CATEGORY: Pontotoc County

AUTHOR: EILEEN

HED:Pontotoc home a crossroad of styles

By Eileen Bailey

Daily Journal

PONTOTOC - At the corner of Mississippi Highways 6 and 9 in Pontotoc motorists can get a colorful glimpse of seasonal flowers around the Patterson Home.

But this cursory look at one of the town's older houses doesn't begin to tell the full story of the home, now owned by Patsy and Kenneth Rackley.

The Patterson Home actually is a combination of two houses: the Clarke Home and the Lyon Home.

The Clarke Home was built in 1851 by Henry Bissinger, who lived there until 1859. Historical information shows the home had several owners before being purchased by Andrew Clarke in the early 1880s. The home was inhabited by several members of Clarke's family, including Frank A. Clarke, who brought his 17-year-old bride from Virginia to Pontotoc.

His bride, Mary Maddox, is said to have shocked neighbors by sliding down the banks of the yard with children. At the time the home was known as Primrose Cottage because of the wild primroses on the property.

The Clarke Home was purchased in 1951 by George Simon and his family. The original house was torn down to make way for a new home and the salvage was placed in storage until it was purchased by Russell Patterson and his wife.

The Pattersons also purchased the Lyon Home, which was built in the 1880s, in the 1950s. Historical information states the Lyon Home was dismantled to the bare framework and foundation and the Clarke Home was reassembled in its place.

Architectural details

A handmade red brick stairway leads up the front of the single-story structure, which faces state Highway 6. Four Doric columns support the porch. Long green shutters flank the floor to ceiling windows in the front bedroom and formal sitting room.

Ornate molding can be found on the inside of the windows and on the mantels in the front part of the home. The front door of the home is topped with a fan-shaped glass window and has silver keyholes and keyhole covers.

Adding their own touches and filling the home with comfortable but stylish antiques was a goal of the Rackleys when they bought the home.

Hardwood floors in the home installed by the Rackley family came from a compress in the Delta, Patsy Rackley said. The front part of the home had been carpeted but Rackley wanted hardwood floors.

Rackley, who is a nurse at the Pontotoc Hospital, said she purchased her antiques in Pontotoc and New Orleans. The antique furniture in the home is from the French and Victorian periods.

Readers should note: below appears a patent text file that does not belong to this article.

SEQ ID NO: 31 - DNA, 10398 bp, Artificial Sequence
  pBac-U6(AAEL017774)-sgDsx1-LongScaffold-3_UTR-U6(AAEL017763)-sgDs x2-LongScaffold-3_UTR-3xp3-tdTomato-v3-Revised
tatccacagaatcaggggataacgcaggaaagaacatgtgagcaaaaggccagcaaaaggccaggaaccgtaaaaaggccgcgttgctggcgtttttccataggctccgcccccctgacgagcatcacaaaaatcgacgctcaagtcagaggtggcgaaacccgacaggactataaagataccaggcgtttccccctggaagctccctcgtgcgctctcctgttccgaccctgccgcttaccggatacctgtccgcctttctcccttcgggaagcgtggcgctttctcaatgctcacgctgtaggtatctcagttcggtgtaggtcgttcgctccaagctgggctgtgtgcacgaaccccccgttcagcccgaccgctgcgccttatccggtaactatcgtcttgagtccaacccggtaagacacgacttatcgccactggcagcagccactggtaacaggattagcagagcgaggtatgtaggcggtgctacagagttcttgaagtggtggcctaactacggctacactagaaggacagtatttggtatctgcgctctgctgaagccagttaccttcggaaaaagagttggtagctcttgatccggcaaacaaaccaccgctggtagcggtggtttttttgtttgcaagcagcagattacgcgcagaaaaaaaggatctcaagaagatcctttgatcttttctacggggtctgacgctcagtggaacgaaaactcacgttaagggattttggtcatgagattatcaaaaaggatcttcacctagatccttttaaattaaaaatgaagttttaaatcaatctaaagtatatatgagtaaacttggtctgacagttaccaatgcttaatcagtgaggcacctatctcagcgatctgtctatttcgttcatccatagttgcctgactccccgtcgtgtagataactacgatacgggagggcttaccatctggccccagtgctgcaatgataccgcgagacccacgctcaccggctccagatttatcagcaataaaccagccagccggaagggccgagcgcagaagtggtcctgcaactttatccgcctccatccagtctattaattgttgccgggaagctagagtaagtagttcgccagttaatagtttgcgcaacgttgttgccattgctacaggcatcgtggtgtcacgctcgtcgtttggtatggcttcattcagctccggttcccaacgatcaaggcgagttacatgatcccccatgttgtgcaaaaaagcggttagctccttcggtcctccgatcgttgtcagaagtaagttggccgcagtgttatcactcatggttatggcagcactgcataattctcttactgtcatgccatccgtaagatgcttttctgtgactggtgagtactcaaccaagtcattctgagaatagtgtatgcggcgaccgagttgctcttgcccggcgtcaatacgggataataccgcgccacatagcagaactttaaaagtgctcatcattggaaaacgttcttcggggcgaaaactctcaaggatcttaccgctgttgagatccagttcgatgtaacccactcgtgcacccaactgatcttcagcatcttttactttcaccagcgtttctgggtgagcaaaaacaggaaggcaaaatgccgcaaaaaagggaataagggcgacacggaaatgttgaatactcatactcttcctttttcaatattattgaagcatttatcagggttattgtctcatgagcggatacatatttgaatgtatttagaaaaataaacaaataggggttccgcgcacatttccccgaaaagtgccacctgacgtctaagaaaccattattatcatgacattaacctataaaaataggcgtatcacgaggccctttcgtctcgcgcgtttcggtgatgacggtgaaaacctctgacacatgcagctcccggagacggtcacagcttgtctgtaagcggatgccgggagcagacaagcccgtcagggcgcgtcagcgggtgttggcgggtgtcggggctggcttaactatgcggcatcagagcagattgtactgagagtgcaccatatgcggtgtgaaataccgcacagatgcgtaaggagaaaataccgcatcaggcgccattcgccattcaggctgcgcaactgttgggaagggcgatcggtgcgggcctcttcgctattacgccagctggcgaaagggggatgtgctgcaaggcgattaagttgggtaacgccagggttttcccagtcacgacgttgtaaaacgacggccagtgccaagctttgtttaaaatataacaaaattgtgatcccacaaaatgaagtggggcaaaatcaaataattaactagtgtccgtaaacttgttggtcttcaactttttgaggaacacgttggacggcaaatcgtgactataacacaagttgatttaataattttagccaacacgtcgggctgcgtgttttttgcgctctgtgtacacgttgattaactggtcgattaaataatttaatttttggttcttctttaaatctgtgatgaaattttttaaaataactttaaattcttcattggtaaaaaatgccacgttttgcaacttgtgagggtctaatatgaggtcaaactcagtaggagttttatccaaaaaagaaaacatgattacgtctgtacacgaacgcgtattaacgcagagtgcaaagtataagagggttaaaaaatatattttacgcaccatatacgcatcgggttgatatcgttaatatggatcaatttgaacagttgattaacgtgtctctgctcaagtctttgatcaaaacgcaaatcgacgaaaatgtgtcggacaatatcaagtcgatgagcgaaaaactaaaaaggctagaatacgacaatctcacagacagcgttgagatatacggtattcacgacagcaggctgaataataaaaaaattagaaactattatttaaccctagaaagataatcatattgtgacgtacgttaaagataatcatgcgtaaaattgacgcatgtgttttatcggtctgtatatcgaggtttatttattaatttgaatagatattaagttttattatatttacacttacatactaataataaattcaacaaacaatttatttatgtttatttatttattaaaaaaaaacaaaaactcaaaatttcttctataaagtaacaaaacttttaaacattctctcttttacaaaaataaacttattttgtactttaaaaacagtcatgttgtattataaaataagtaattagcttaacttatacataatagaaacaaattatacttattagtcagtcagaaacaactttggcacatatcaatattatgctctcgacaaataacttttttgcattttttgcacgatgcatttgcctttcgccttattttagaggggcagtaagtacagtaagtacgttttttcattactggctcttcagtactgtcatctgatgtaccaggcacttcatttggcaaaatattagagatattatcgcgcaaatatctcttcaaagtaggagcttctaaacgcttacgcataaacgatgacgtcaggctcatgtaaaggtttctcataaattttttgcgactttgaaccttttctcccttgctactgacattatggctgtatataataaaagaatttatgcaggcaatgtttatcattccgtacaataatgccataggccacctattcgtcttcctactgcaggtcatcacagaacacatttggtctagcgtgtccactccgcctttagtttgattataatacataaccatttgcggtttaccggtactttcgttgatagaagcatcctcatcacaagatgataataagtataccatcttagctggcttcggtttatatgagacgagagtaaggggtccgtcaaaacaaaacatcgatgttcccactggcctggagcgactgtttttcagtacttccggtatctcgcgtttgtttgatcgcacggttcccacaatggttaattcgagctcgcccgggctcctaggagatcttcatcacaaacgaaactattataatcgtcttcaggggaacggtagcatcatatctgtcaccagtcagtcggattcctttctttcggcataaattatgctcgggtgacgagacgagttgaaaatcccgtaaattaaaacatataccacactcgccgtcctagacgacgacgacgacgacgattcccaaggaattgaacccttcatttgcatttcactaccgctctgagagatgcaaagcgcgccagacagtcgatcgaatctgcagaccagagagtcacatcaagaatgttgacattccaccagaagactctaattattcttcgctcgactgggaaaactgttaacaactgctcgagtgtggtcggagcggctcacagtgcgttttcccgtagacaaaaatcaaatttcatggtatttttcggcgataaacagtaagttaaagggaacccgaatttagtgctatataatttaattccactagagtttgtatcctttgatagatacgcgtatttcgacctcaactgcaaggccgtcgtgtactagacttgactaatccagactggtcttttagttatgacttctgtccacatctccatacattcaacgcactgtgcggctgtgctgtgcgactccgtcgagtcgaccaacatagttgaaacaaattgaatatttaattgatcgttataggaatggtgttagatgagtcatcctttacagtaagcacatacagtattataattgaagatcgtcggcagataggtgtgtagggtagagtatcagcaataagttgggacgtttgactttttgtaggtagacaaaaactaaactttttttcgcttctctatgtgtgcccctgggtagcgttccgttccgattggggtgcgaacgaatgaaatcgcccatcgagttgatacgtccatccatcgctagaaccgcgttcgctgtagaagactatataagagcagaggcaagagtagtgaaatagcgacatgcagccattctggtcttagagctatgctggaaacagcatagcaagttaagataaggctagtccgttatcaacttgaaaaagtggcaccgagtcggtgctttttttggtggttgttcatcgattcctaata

There also are some Empire pieces, including an Empire chest of drawers in the hallway.

"I'm not stuck on any period," she said of her furniture preferences.

In the family room, Rackley used windows from an older home in town as doors for cabinets.

The guest bathroom features an antique buffet that was made into a sink. The light sconces on either side of the sink once were the fixtures on the front of the Lyon Home, she said.

For Rackley, working on the home is a labor of love.

"I have always loved older homes," she said. "When they would come on the market I would go look at them. This is the first house (Kenneth) ever agreed to buy."

Patterson Home

- Patterson Home is a combination of two older homes in Pontotoc and current owners Patsy and Kenneth Rackley have added their own touches.

- One of the homes was built in 1851 for Henry Bissinger. The home changed hands several times before being purchased by the Clarke family and then the Simons. The Simon family tore down the older home to make way for a newer home. The salvage from the older home was purchased by the Russell Patterson family.

- The Pattersons stripped down the Lyon home on 104 E. Oxford St. in Pontotoc to the frame, according to historical information, and rebuilt the Clarke home around it. Today, it is believed that the molding around the doors and windows, along with the mantels, came from the Clarke home.

- The pine floors in the front part of the home were purchased from a compress in the Delta. The Rackleys also have added numerous antique pieces that match the period of the home.

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